Smoking and Your Teeth

In Blog, Dental Care, Dental Health, Oral Health by Dr. Lattinelli

Upper East Side Cosmetic Dentistry | Manhattan Dental Office

Smoking can have many effects on your body, but what about your teeth? If you are one of the 36 million smokers in the United States, according to the Centers for Disease Control, you may want to better understand smoking’s effects. For more information on how your teeth are affected by smoking, read on.

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Cigarettes limit your mouth’s abilities to fight off infection, which can cause bacteria to really take its toll on your teeth. Because your teeth cannot fight off infection as well, plaque and bacteria can collect in your mouth and lead to oral health issues. Tooth discoloration is one of the most popular effects of smoking. It is not uncommon for smokers to have yellow stained teeth. This is because the chemicals in tobacco cling to the enamel of teeth, which causes them to stain over time. While teeth whitening treatments can slow down this process, they cannot prevent discoloration entirely.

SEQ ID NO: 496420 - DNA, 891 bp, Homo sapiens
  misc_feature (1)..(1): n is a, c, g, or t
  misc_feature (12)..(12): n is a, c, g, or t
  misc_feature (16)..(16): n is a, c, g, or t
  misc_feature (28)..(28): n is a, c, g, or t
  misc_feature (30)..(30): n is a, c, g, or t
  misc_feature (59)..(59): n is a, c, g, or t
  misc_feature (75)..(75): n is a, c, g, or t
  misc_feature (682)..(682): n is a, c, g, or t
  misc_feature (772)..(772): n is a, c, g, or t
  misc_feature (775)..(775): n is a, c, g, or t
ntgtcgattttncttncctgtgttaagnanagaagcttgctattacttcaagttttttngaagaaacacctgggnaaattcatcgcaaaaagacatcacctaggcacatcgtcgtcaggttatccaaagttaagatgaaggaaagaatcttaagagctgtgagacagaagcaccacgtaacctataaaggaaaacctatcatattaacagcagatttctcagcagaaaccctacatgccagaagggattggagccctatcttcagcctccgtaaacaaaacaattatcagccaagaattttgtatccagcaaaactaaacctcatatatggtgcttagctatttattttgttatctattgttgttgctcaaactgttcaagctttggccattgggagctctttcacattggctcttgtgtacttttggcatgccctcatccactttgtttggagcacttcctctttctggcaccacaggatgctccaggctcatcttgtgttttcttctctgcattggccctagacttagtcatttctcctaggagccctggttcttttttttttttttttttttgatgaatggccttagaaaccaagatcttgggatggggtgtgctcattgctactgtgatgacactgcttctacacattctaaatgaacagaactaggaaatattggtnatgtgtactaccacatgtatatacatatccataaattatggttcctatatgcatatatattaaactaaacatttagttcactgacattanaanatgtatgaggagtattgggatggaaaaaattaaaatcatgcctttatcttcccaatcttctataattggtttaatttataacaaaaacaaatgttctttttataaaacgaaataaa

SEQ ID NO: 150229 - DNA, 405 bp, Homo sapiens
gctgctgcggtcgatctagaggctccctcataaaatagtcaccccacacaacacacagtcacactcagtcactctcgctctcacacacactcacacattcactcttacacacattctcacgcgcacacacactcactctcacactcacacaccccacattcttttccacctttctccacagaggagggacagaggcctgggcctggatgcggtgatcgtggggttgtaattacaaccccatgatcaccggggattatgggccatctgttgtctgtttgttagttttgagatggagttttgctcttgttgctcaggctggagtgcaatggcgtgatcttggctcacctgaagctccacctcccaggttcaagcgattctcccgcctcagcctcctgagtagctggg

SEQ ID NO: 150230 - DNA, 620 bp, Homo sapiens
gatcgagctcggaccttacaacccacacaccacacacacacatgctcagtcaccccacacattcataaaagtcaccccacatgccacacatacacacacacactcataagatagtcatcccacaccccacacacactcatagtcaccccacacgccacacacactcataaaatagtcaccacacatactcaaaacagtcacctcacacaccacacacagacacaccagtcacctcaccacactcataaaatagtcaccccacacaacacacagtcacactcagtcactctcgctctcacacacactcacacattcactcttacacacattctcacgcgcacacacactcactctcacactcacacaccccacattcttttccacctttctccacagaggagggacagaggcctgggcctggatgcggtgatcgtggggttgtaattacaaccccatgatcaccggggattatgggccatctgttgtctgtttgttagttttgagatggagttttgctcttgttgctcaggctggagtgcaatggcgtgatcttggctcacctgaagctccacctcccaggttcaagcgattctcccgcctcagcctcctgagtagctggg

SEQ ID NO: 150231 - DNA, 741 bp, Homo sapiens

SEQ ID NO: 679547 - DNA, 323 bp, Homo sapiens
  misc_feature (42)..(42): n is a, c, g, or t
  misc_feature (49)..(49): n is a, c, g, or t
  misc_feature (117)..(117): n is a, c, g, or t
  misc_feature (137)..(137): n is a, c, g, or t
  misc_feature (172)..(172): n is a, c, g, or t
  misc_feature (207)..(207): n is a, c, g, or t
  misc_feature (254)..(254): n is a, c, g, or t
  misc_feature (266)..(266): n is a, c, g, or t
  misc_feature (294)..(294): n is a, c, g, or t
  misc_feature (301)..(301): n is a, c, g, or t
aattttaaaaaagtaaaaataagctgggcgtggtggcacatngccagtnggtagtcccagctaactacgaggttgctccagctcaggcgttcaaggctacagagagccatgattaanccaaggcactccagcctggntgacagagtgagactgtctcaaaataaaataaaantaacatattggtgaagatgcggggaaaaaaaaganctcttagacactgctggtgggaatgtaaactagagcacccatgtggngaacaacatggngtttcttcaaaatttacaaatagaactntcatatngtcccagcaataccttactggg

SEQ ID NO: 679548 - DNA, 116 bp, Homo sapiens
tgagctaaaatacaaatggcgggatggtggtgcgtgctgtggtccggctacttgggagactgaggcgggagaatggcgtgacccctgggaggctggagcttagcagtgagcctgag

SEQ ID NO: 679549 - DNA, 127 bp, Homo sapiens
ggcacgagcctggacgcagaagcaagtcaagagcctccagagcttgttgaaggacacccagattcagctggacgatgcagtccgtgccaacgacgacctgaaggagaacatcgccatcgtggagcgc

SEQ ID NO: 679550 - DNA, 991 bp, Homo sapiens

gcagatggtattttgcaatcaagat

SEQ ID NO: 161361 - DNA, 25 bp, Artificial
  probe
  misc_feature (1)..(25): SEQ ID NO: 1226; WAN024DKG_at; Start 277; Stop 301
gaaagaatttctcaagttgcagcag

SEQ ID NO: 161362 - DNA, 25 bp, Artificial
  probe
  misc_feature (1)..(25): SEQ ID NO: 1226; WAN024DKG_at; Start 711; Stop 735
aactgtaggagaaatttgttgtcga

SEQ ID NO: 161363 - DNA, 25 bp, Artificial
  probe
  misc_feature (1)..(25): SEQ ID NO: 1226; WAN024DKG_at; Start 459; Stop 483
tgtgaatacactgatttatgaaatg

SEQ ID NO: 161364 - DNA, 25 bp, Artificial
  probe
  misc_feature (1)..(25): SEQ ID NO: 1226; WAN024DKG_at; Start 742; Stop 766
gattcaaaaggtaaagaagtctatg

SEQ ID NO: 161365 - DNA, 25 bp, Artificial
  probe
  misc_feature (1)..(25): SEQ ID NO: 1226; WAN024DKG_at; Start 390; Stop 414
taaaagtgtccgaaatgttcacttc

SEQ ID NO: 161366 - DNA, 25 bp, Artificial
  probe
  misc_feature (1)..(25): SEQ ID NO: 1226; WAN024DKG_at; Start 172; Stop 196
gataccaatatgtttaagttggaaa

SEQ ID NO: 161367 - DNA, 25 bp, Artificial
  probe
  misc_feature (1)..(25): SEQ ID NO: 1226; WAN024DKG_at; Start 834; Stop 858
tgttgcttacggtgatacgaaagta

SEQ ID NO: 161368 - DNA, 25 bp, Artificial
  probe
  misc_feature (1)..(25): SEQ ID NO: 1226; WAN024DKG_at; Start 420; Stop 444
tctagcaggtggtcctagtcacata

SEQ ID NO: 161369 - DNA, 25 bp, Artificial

Bad breath is another unattractive effect smoking can have on your oral health. The particles of cigarettes remain in your mouth long after your cigarette is finished. This causes the smell of a cigarette to linger in your mouth and give you bad breath. Long-term smokers are likely to experience an overgrowth of bacteria, which forces your breath to smell no matter how much you gargle mouthwash or brush your teeth.

A more serious problem smoking can cause is gum disease. “Smokers are twice as prone to gum disease as nonsmokers,” according to the CDC. Because smoking decreases your mouth’s ability to fight off bacteria, your mouth cannot defend itself as well against bacteria that attacks your gums. Unfortunately, losing teeth is a common outcome for heavy smokers because of this.

Even more serious effects of smoking include oral cancer. “About 50,000 people in the U.S. are diagnosed with oral cancer each year and an estimated 80 percent of them are smokers,” according to the CDC. “The risk of developing oral cancer increases when smoking is combined with heavy drinking.” These dangerous behaviors can contribute to oral cancer symptoms, including red and white patches in the mouth, difficulty chewing and swallowing, jaw numbness and even ear pain.

If you are a smoker or have recently quit smoking, you want to protect your mouth as best as possible. At the Manhattan dental office of Joseph C. Lattinelli, DMD, our professional dentists can perform the treatments you need to achieve better oral health. To get in touch with our office, feel free to fill out our appointment request form on our website. We look forward to helping you achieve a healthier smile.